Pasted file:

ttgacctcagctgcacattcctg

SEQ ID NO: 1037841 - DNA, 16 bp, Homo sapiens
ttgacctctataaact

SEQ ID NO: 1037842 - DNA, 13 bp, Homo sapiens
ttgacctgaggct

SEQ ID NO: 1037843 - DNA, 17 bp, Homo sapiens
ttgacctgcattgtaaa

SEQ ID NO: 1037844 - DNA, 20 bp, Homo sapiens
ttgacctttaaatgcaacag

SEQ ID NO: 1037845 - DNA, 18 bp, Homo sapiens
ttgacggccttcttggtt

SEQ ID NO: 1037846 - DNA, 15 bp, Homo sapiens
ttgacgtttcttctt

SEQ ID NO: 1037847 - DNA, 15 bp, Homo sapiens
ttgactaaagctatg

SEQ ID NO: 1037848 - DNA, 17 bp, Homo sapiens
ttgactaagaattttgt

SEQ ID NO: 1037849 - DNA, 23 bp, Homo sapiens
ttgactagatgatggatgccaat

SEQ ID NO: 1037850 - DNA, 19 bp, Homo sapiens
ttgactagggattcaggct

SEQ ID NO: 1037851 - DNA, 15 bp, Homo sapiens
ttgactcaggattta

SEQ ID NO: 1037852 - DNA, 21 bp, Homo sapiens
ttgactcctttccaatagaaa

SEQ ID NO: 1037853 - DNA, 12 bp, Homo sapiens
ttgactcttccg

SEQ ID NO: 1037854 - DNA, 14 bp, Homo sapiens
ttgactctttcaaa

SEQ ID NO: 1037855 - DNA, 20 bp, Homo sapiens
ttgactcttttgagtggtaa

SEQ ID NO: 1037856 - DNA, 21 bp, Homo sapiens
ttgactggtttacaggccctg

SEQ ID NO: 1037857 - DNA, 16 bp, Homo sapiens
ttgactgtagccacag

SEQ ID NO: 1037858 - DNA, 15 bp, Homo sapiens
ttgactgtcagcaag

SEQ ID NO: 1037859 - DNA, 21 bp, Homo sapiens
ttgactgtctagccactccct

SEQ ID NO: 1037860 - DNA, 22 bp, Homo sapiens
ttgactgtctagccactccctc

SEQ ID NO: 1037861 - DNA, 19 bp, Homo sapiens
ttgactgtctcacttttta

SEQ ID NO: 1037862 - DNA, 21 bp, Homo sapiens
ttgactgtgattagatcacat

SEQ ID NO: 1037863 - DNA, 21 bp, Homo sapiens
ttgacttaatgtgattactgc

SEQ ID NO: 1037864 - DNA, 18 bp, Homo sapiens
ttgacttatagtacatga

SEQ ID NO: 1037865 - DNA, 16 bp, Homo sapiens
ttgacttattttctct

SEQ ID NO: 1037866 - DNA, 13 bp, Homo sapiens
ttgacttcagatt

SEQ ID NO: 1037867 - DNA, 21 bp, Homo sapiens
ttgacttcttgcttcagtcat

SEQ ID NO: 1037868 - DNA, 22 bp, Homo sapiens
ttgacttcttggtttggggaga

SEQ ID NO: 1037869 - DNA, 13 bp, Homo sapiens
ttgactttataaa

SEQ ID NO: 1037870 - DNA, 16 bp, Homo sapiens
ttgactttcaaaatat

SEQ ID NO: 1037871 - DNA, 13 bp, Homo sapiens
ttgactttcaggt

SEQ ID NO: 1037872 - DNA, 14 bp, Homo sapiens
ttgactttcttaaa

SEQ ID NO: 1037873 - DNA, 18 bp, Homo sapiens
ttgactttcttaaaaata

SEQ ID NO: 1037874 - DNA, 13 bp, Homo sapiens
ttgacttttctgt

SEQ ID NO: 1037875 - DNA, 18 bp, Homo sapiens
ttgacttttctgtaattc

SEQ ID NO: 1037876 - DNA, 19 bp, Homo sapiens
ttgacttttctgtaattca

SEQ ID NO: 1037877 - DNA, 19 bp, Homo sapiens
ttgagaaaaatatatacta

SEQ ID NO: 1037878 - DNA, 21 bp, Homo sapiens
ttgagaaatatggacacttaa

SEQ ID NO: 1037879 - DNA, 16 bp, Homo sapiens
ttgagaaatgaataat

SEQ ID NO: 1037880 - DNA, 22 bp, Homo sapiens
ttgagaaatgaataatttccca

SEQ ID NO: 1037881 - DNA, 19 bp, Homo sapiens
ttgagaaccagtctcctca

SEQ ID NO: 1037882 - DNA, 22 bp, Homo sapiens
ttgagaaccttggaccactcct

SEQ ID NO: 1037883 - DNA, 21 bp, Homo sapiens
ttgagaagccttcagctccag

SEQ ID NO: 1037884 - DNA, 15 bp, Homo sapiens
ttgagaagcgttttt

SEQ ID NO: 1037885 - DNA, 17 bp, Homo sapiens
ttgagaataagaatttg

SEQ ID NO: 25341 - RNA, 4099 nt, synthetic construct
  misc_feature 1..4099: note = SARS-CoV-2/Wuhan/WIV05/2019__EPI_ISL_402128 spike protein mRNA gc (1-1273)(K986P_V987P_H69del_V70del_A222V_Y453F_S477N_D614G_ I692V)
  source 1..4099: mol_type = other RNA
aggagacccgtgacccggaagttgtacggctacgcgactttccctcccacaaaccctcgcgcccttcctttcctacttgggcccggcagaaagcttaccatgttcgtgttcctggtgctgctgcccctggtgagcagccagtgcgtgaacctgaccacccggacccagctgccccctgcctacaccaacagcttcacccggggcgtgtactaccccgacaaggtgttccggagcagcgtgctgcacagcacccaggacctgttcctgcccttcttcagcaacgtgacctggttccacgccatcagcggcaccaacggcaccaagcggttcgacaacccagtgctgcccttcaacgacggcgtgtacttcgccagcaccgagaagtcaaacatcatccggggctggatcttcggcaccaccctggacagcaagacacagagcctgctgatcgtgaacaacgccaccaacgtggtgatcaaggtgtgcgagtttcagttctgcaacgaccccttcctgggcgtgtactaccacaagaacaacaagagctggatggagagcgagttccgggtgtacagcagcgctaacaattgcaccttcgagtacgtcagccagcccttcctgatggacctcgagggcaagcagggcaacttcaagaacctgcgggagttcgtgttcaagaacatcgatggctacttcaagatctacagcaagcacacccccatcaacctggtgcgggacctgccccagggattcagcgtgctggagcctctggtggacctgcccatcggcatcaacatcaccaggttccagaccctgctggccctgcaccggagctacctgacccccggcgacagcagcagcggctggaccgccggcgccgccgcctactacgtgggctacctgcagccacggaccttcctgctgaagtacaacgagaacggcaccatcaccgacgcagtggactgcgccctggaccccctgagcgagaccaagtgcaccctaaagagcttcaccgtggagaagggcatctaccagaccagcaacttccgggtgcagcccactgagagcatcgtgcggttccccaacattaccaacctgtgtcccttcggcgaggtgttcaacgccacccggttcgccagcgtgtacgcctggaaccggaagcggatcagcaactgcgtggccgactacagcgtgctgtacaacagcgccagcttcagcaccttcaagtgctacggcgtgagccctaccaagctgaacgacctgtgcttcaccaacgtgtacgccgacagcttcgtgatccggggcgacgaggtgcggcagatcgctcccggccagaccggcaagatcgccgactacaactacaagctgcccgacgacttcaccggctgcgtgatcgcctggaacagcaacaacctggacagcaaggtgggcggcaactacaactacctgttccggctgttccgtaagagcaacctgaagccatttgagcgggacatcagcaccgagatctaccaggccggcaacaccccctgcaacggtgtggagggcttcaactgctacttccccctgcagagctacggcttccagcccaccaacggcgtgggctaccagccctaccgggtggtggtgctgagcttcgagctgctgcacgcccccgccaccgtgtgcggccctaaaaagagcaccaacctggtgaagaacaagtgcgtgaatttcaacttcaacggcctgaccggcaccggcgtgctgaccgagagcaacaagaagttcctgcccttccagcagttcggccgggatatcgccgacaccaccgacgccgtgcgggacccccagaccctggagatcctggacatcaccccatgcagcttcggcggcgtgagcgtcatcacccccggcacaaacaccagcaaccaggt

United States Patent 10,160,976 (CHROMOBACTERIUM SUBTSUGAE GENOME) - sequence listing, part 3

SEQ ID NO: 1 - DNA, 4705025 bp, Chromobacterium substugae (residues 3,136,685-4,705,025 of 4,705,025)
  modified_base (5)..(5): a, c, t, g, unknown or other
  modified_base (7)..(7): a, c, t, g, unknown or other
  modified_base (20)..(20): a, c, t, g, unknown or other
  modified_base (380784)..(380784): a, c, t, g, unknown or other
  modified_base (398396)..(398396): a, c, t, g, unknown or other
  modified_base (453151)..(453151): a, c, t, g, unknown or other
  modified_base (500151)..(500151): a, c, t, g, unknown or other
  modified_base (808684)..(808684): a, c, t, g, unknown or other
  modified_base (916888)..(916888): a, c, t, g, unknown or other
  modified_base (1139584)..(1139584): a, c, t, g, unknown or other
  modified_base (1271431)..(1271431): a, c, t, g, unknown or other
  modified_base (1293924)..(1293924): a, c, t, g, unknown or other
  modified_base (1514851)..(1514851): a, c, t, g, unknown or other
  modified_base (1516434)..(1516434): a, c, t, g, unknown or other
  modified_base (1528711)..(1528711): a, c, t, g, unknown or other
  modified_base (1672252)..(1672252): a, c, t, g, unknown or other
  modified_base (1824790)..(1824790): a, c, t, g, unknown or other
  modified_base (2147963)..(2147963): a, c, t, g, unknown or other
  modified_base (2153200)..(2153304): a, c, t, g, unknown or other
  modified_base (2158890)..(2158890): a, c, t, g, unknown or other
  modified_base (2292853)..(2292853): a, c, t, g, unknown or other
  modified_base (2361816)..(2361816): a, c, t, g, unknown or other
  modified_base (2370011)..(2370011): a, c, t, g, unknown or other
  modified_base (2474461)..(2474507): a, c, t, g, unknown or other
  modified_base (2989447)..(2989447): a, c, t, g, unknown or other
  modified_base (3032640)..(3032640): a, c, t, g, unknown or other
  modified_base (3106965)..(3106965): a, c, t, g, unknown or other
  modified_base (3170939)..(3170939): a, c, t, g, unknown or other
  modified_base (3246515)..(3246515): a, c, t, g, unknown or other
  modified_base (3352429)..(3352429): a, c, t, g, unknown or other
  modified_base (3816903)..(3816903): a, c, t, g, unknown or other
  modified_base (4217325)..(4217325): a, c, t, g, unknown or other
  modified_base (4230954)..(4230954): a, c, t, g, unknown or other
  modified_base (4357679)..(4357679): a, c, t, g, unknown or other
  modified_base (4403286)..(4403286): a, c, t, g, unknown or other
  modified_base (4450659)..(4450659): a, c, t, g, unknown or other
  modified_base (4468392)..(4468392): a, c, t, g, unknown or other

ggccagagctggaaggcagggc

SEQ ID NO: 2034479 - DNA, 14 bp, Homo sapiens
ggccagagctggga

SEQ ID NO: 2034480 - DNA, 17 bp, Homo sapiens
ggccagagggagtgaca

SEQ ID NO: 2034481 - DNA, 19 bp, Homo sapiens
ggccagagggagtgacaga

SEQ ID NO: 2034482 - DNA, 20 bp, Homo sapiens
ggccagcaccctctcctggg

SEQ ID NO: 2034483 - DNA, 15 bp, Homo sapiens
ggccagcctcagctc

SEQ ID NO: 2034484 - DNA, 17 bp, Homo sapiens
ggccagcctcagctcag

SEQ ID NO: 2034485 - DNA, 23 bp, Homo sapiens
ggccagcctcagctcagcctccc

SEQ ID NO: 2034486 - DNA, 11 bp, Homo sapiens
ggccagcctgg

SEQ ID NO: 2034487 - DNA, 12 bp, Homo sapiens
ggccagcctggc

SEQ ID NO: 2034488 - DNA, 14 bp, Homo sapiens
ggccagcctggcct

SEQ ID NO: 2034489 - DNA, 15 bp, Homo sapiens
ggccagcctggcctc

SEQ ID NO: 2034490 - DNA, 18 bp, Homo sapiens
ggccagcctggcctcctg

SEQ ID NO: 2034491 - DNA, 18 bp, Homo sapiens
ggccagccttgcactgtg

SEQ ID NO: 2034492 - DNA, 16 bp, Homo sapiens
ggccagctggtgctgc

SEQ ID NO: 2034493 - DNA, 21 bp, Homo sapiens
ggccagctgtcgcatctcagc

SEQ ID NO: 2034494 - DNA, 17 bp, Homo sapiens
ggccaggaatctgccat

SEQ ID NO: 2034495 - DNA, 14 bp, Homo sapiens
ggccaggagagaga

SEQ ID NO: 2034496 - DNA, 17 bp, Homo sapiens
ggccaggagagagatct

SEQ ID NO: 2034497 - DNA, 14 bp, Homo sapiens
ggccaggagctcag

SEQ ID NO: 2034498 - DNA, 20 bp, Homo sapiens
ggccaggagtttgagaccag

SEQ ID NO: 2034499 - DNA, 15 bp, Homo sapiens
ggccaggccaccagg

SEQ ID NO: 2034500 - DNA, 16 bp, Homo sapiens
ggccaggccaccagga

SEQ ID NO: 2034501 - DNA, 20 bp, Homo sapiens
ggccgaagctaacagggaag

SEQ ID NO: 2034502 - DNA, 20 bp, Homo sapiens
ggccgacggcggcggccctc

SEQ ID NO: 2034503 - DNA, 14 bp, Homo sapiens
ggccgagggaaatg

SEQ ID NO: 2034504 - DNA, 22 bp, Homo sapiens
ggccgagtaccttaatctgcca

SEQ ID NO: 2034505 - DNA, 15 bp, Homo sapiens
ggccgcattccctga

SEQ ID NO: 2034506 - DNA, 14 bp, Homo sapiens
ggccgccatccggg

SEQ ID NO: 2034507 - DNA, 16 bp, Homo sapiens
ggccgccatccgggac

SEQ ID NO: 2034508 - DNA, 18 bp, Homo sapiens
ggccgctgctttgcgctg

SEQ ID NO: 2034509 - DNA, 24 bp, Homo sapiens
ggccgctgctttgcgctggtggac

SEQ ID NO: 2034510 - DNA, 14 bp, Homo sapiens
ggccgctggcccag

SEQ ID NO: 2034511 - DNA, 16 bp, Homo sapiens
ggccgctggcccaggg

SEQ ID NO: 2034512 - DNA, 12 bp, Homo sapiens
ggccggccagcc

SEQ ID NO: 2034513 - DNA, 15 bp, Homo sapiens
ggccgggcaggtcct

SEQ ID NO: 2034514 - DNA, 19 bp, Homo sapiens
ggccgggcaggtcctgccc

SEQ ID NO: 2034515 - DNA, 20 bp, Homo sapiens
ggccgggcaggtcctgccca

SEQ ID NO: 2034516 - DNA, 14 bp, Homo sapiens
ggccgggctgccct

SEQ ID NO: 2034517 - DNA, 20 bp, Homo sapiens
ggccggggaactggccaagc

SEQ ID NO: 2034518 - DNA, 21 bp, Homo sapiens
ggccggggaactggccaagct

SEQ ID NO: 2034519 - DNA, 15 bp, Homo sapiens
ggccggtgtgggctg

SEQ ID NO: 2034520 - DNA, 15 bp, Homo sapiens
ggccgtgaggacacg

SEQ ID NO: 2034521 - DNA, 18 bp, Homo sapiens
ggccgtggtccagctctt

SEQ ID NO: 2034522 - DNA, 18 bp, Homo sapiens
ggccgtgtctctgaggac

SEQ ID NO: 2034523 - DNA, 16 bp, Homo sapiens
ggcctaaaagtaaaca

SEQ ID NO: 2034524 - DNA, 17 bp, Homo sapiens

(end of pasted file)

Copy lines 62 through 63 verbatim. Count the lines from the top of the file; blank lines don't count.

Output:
SEQ ID NO: 1037871 - DNA, 13 bp, Homo sapiens
ttgactttcaggt